YESTERDAY’S PLAYS TOMORROW
You’re Young, You’re the Future
There’s this story about two women who are in love with the same man. In one version of the story, it is a mother and her step-daughter. This is the plot-line that the French novelist Honoré de Balzac came up with in The Step-Mother, which opened in Paris in 1848.
It only ran for six performances because that was the year of revolutions. When civil unrest broke out, the producer closed the show sharpish and fled with the cast across the channel to England.
Also in Paris that year was the Russian novelist Ivan Turgenev. It’s not known if he managed to catch one of those six nights – he would almost certainly have known the play was on – but seven years later he wrote his own version of two women falling in love with the same man.
He set his version on a country estate in Russia in the early 1840s. One of the women is 29, the other is 17. The young man is a student who has come to the grand house during the summer holidays to teach the 10-year-old boy.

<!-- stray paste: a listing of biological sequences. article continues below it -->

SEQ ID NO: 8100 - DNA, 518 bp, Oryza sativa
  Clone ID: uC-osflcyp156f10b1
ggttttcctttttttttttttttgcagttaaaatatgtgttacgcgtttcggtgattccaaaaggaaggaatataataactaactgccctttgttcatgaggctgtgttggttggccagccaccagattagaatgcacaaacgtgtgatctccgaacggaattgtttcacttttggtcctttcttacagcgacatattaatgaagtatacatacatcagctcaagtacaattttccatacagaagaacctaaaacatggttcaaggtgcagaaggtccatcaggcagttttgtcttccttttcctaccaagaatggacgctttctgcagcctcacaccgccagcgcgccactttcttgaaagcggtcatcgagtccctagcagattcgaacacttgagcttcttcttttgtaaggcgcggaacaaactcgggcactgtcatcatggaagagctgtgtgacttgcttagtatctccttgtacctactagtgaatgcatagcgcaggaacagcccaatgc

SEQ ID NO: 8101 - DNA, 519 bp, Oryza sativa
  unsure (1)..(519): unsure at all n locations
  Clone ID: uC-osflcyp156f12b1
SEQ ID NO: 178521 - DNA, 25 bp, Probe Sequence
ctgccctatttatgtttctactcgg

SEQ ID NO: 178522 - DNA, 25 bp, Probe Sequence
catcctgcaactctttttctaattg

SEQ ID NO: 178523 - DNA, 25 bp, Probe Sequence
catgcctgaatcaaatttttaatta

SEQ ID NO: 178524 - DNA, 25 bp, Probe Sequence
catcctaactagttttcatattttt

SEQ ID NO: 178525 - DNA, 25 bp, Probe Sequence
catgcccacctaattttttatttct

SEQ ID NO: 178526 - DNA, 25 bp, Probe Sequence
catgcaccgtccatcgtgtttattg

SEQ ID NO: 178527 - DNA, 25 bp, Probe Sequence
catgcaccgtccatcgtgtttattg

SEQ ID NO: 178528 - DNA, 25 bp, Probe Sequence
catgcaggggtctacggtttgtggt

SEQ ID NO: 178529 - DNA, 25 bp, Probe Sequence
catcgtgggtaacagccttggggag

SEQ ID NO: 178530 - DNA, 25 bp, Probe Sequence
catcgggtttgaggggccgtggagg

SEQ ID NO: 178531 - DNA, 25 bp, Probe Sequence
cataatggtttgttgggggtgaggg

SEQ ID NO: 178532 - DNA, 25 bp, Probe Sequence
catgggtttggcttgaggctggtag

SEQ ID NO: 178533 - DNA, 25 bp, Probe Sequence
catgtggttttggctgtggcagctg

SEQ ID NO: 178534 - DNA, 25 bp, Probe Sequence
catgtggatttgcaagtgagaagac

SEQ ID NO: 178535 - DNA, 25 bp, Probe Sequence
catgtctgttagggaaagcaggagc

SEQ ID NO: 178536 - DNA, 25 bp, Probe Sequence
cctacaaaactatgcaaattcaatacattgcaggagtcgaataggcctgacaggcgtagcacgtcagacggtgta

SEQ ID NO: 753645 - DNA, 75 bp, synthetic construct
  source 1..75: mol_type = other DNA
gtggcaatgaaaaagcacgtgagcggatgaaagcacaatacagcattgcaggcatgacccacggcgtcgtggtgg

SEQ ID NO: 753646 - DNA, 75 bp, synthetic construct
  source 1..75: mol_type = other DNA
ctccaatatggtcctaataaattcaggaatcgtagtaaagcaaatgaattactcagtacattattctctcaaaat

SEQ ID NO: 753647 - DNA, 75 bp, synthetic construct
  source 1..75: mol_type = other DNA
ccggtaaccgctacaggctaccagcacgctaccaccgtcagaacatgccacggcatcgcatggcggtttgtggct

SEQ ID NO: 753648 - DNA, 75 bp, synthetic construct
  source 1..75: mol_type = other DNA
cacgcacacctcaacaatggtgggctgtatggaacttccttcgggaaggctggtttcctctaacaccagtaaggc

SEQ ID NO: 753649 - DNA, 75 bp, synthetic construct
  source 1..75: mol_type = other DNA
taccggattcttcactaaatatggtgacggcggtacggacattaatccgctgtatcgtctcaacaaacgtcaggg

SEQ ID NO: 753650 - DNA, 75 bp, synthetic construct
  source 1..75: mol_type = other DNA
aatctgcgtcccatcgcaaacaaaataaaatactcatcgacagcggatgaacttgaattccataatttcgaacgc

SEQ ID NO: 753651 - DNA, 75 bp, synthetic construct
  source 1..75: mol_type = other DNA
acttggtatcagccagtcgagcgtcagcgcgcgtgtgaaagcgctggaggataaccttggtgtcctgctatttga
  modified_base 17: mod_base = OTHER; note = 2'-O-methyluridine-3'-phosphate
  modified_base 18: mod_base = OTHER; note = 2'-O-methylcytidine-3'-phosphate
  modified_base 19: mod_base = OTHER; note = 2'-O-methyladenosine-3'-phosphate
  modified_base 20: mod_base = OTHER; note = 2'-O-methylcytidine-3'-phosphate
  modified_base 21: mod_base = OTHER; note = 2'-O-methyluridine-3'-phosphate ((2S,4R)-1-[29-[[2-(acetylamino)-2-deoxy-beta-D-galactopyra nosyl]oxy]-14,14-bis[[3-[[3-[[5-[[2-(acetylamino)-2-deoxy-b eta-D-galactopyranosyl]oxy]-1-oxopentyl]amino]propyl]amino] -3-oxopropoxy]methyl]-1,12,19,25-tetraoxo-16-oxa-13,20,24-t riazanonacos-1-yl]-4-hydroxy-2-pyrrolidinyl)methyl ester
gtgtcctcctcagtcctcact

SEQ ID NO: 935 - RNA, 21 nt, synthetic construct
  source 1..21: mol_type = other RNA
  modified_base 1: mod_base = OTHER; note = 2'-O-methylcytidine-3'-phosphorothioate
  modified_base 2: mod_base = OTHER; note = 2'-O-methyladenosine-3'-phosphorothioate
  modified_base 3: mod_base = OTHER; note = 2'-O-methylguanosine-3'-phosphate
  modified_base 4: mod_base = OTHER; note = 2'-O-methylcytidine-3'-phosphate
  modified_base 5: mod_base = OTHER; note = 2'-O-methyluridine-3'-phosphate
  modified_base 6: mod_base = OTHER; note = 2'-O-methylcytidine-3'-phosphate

The first title that Turgenev chose for the play was The Student. After that, he changed the title to Two Women. After that, he changed the title to A Month in the Country.
A movie version of the play, starring Ralph Fiennes — as a guest in the house, not as the young tutor — was called Two Women (2014). A recent, more condensed, version of the play was called Three Days in the Country (2015).
But The Student comes closest to suggesting what is of most interest when re-reading the play today — in an age of climate change. It’s easy to see that Russian society as it existed at that time could not possibly carry on: in political and economic terms, it favoured a tiny minority at the expense of a great majority. Then, as now, the student represents the direction where things will go. The older woman in love with him states this in the plainest terms, “You are young. You have a future.”
We know we’re meant to be paying close attention to the student because other characters talk about him before he makes his first entrance. Only two pages in, the mother of the 10-year-old boy tells her…